[Mono-dev] Generic sharing: Good news, bad news, how to win big

Rodrigo Kumpera kumpera at gmail.com
Mon Apr 14 12:04:19 EDT 2008

On Mon, Apr 14, 2008 at 12:50 PM, Mark Probst <mark.probst at gmail.com> wrote:

> Hey Rodrigo,
> > Anyway, this would only make sense if freeing is something that happens
> > enough to
> >  justify the extra work.
> I don't think freeing would happen often enough.  I'm actually more
> concerned about the impact of the write barrier I'd need for the
> hazard pointer, which would be used every time a slot is fetched from
> a RGCTX.
> > I was thinking more about collections. Do interfaces have a rgctx too?
> No.  I'm not sure what I'd put into the RGCTX of an interface, anyway.
>  What do you have in mind?

Well, I know just a little of how sharing works and I wasn't sure if it did
rgctx for inferfaces or not. Since it doesn't, using a chained rgctx won't
any good for collections, at least.

> > I expected that for F# sharing would have saved some overall time since
> > activity is a lot smaller.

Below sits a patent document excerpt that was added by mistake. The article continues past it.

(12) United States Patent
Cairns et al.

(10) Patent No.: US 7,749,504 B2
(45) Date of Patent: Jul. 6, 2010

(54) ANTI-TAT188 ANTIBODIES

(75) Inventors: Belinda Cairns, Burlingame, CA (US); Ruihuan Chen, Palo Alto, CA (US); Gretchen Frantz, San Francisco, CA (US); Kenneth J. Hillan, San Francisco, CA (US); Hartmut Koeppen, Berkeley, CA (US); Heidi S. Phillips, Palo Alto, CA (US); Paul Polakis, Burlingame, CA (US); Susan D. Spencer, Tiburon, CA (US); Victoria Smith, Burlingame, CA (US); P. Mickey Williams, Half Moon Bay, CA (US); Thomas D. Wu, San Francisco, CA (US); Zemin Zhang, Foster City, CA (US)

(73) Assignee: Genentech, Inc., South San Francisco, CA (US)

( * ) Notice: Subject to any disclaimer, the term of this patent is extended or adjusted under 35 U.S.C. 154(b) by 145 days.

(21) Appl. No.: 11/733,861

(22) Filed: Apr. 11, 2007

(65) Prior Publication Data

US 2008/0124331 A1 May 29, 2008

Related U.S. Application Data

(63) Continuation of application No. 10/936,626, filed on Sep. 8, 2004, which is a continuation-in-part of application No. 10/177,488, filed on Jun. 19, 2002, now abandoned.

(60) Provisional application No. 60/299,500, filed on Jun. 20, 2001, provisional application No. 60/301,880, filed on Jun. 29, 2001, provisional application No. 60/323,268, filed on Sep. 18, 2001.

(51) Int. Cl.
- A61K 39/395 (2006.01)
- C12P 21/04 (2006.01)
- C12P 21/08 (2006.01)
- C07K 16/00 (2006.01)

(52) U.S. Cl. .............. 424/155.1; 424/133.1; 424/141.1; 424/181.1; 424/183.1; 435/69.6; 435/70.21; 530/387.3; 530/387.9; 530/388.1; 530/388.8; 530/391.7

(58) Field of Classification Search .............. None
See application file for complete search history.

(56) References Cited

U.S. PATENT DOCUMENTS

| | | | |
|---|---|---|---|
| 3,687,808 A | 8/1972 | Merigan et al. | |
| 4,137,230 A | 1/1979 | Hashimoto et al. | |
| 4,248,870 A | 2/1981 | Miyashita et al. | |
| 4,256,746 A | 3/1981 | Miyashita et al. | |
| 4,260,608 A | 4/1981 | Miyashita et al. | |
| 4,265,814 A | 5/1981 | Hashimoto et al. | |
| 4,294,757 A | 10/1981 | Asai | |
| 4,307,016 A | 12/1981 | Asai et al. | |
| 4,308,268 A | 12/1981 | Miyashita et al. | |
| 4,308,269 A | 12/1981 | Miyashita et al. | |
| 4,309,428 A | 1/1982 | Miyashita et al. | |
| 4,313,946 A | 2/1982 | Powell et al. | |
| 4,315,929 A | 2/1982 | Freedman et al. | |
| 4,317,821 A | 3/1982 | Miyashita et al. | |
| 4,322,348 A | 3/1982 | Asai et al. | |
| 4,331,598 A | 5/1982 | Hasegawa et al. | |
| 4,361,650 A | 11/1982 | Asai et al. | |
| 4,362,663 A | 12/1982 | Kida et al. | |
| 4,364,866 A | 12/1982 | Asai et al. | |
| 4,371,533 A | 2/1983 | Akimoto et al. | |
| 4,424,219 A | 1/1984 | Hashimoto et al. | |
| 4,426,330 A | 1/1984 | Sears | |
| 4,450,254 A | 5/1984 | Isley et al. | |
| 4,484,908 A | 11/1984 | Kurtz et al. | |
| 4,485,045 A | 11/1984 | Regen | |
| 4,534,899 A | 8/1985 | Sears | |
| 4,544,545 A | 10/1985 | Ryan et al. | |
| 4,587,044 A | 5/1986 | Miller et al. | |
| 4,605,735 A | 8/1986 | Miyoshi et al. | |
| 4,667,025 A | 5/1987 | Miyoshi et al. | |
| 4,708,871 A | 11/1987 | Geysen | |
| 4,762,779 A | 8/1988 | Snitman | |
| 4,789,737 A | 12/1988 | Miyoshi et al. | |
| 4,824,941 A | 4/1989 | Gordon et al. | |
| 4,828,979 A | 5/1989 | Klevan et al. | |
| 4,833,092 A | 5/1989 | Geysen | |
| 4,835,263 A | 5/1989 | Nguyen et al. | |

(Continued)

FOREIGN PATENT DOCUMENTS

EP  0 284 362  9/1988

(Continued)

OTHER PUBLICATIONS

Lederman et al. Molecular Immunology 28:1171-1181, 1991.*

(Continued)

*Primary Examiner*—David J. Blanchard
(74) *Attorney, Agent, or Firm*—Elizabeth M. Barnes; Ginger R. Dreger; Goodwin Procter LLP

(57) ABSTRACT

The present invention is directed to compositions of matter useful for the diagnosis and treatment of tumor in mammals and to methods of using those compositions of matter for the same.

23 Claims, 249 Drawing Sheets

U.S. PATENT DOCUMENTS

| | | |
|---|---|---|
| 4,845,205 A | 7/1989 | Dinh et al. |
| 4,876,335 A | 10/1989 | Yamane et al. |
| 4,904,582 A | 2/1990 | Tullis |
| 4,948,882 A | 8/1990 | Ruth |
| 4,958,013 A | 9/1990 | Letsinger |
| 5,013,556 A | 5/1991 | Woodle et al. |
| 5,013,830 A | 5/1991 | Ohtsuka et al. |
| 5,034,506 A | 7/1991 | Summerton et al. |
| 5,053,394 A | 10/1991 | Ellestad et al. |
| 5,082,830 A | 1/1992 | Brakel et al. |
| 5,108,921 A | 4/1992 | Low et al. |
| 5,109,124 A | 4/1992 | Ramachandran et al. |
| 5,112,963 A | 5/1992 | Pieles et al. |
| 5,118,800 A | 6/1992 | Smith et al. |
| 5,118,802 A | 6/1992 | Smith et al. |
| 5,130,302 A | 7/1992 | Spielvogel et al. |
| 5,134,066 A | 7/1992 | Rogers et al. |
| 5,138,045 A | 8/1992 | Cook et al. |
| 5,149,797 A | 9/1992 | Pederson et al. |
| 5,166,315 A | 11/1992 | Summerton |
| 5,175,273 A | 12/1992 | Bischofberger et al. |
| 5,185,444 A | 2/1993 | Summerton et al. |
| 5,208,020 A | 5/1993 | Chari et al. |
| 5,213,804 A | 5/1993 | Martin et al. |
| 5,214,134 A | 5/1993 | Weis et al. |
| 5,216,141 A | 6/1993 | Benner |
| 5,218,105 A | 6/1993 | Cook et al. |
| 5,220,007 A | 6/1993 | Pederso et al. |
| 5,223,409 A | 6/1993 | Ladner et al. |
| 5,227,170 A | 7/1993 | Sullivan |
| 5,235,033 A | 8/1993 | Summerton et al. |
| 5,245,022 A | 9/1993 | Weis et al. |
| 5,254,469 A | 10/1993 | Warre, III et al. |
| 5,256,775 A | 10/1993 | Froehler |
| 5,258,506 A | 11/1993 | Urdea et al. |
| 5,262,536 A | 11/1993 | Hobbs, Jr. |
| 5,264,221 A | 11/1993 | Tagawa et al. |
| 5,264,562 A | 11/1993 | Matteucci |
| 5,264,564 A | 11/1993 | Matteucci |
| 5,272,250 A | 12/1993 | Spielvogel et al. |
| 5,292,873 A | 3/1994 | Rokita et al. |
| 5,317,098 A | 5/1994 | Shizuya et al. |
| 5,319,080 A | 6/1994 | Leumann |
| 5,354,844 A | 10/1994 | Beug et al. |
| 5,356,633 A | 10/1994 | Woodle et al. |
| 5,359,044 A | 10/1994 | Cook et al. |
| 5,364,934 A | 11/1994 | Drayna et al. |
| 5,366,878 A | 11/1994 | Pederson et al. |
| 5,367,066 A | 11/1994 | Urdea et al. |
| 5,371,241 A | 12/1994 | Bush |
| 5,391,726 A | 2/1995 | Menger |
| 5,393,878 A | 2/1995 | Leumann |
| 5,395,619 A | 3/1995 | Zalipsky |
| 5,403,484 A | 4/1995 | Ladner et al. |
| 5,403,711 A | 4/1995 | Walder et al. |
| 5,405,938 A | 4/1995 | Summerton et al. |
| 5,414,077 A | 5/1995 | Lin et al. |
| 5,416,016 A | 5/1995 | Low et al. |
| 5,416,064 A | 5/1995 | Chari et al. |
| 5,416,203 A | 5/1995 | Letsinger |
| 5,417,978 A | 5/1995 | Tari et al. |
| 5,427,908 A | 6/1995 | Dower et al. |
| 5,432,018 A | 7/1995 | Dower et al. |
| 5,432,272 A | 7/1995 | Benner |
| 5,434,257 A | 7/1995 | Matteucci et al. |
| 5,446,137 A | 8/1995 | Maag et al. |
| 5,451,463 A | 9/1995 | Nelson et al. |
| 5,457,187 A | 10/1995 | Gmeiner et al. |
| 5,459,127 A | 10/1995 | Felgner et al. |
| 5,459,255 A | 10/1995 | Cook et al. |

> I had hoped for that, too, but it's not there.  Not that I'm terribly
> unhappy, though - I saw generic sharing as mainly a memory
> optimization.
> > By the way, talking about the F# case, generic sharing compiles 27% less
> > methods, but only reduces
> >  the compiled code size by 6%. These numbers seen odd to me. Is generic
> code
> > really that
> > smaller than non-generic or is the added code for sharing support that
> > result on these numbers?
> I'll look into it in more detail, but it seems that generic methods
> are usually very short, more so than non-generic methods.  And we do
> generate code that's a bit longer, but not by much.

Other thing, how does sharing and inlining play together? I guess inlined
generic code
uses rgctx a bit less as it has precise type information at hand. If so,
more aggressively inlining generic code reduce the need for rgctx?
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